Two years after a former Gloucester Taxi driver filed a lawsuit, a judge has ruled that the driver was an employee, rather than an "independent contractor."
Gloucester resident Inge Berge, filed suit in Essex Superior Court in 2015, arguing that the taxi company classifies its drivers as "independent contractors," rather than employees, and denies them minimum wage and overtime pay. Gloucester Taxi pays its drivers a portion of each fare, but Berg's suit alleged that they do not make sure the drivers make minimum wage during slow periods when drivers are waiting for a fare.
Superior Court Judge Christopher Barry-Smith has ruled that Berge was an employee of the company as a matter of law, regardless of the company's attempt to pay the driver as an "independent contractor."
"The law is clear," Berge's lawyer, Michael Bace, said in a statement. "Suggesting that this is the way it's always been done, or the company can't afford to pay minimum wage, is no excuse for treating workers in this fashion."
Berge, a local musician and songwriter, drove a cab for Gloucester Taxi from April 2012 through March 2013. According to the lawsuit, Berge and other Gloucester Taxi drivers received 40 percent of each fare the company collects from customers, and keeps 100 percent of their tips. Berge drove an average of two nights, or 20 hours, a week at the time.
Gloucester Taxi owner Jeffrey Young, cited as a defendant in Berge's lawsuit, claimed when the suit was filed that the split has long been the payment format. Young refused to comment earlier this wee.
"We hear this frequently from business owners saying, 'This is the way it's always been in the taxi industry.' They pay a portion of the fare and if they sit there for six hours, tough. It’s a tough life for taxi drivers," said Bace. "Not only is that not right, it's not legal."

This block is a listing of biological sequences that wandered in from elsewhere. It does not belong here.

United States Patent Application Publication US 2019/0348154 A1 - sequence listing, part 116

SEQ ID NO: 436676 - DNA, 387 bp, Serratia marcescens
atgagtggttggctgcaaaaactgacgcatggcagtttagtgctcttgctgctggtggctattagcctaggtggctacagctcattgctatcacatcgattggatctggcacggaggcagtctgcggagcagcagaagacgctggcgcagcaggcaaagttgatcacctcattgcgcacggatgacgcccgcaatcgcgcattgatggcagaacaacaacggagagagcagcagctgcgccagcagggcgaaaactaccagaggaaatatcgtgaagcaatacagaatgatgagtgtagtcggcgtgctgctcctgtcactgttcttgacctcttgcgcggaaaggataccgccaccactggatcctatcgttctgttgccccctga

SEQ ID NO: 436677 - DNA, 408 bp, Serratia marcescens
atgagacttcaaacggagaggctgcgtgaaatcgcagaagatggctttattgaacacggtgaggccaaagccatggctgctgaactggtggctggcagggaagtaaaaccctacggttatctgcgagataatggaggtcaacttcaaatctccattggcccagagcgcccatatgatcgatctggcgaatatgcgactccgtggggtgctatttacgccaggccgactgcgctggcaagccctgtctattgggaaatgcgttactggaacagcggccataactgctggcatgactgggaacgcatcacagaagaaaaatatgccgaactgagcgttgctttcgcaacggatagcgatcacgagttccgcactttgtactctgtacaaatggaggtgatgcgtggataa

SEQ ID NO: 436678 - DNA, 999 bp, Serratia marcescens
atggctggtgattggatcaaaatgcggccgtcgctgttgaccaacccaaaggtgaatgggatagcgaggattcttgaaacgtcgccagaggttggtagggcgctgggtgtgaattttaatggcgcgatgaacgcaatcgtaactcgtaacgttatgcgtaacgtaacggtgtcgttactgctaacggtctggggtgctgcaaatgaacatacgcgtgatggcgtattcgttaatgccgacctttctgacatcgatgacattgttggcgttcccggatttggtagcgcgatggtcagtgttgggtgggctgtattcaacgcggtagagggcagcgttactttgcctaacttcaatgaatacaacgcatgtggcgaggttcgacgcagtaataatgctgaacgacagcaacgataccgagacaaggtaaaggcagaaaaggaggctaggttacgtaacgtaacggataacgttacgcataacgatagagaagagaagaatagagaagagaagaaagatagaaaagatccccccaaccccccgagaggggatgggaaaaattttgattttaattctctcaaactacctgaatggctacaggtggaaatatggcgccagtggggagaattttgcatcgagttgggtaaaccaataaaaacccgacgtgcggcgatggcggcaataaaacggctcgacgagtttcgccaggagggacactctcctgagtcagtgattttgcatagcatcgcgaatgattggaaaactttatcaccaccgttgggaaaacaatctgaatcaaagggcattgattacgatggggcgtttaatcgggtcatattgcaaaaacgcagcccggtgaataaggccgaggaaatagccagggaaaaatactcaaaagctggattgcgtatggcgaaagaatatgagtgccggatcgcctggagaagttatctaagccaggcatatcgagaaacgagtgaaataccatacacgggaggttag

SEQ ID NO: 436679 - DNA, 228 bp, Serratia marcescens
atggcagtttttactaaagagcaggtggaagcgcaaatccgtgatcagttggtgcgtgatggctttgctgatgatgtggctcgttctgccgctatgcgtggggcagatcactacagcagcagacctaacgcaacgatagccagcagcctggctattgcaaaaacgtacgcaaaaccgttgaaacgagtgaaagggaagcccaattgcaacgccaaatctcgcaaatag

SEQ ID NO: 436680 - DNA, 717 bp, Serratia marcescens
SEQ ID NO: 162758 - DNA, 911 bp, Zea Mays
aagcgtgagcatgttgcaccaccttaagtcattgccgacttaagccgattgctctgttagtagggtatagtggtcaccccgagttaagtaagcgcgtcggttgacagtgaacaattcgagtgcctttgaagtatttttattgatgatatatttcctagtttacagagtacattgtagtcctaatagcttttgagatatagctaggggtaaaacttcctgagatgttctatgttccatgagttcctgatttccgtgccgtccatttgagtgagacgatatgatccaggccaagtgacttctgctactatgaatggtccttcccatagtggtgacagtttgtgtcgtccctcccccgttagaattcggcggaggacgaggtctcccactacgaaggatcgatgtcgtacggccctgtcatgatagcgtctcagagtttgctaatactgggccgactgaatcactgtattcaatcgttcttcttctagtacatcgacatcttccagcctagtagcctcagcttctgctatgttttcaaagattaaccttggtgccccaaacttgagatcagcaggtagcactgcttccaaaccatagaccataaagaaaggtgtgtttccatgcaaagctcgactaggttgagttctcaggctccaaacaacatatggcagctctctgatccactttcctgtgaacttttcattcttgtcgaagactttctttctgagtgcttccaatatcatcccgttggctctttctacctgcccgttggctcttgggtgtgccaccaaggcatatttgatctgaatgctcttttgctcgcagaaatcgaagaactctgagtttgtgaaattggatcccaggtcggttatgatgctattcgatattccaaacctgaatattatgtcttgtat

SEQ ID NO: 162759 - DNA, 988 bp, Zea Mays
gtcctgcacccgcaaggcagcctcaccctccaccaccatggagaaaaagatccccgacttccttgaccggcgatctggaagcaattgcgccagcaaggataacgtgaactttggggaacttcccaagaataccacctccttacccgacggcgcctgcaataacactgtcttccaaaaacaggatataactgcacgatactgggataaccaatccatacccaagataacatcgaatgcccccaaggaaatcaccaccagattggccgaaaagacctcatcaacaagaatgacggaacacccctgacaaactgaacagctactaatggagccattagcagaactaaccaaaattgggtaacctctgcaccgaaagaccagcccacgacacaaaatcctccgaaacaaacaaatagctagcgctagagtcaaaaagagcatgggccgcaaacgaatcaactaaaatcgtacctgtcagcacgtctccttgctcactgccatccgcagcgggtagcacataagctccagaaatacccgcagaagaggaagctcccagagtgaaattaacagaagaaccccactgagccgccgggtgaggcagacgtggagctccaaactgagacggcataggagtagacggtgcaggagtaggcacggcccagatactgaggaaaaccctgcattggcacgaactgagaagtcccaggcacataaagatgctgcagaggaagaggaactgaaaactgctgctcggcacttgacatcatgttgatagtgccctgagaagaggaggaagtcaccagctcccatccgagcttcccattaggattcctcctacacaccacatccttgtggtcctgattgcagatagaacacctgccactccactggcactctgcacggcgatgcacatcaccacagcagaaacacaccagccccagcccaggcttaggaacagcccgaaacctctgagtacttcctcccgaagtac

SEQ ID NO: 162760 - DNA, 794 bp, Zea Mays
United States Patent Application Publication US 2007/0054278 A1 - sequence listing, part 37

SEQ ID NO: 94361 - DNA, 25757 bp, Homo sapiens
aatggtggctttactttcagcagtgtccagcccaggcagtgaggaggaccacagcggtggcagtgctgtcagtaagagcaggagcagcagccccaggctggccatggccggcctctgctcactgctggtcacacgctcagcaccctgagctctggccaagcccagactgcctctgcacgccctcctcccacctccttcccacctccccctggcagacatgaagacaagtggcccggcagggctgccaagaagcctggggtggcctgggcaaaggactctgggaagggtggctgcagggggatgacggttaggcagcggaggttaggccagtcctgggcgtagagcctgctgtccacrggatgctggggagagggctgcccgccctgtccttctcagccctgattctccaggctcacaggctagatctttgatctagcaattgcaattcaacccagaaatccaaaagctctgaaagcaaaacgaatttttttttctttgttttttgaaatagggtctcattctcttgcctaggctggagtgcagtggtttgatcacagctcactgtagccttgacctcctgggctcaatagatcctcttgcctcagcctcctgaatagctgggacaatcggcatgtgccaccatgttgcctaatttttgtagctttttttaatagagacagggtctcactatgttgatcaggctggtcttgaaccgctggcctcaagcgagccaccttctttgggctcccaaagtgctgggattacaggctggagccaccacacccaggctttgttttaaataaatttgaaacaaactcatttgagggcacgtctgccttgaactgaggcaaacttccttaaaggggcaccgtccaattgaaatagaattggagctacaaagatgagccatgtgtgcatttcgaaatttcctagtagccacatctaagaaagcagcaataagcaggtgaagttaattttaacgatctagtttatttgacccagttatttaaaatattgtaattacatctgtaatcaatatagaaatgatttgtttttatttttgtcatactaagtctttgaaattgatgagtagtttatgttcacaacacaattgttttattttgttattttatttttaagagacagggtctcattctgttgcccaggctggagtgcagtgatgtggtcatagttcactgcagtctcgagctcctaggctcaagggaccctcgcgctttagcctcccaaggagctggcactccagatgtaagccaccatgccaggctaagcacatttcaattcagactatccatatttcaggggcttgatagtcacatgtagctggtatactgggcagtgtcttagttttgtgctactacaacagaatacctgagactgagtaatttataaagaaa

A trial to determine the extent to which Berge was not paid minimum wage and overtime has yet to be scheduled.
"We anticipate that at that trail we will show there were plenty of days, mostly of late nights, that he worked and he was denied — he didn't make the minimum wage," Bace said in a phone interview. "We're confident that we will show that the plaintiff didn’t make minimum wage, particularly in the winter time, and he is entitled to money."
The lawsuit, filed by Bace of Boston, does not seek a specific dollar amount for damages. But Bace said that he will be seeking treble damages based on what Berge would have made had he been paid as an hourly employee at minimum wage, which is $11 per hour.
The company is required by law to make sure their employees are making minimum wage. Bace said that this case isn't unique; employers often label workers as independent contractors to avoid paying minimum wage and overtime.
"There are dozens of other drivers in the same position," Bace said. "This is a statewide problem. It runs rampant — whether they're taxi drives, limo drivers — all other industries. It runs rampant — being classified as independent contractors when in actuality they're employees."
Mary Markos may be contacted at 978-338-2660 or firstname.lastname@example.org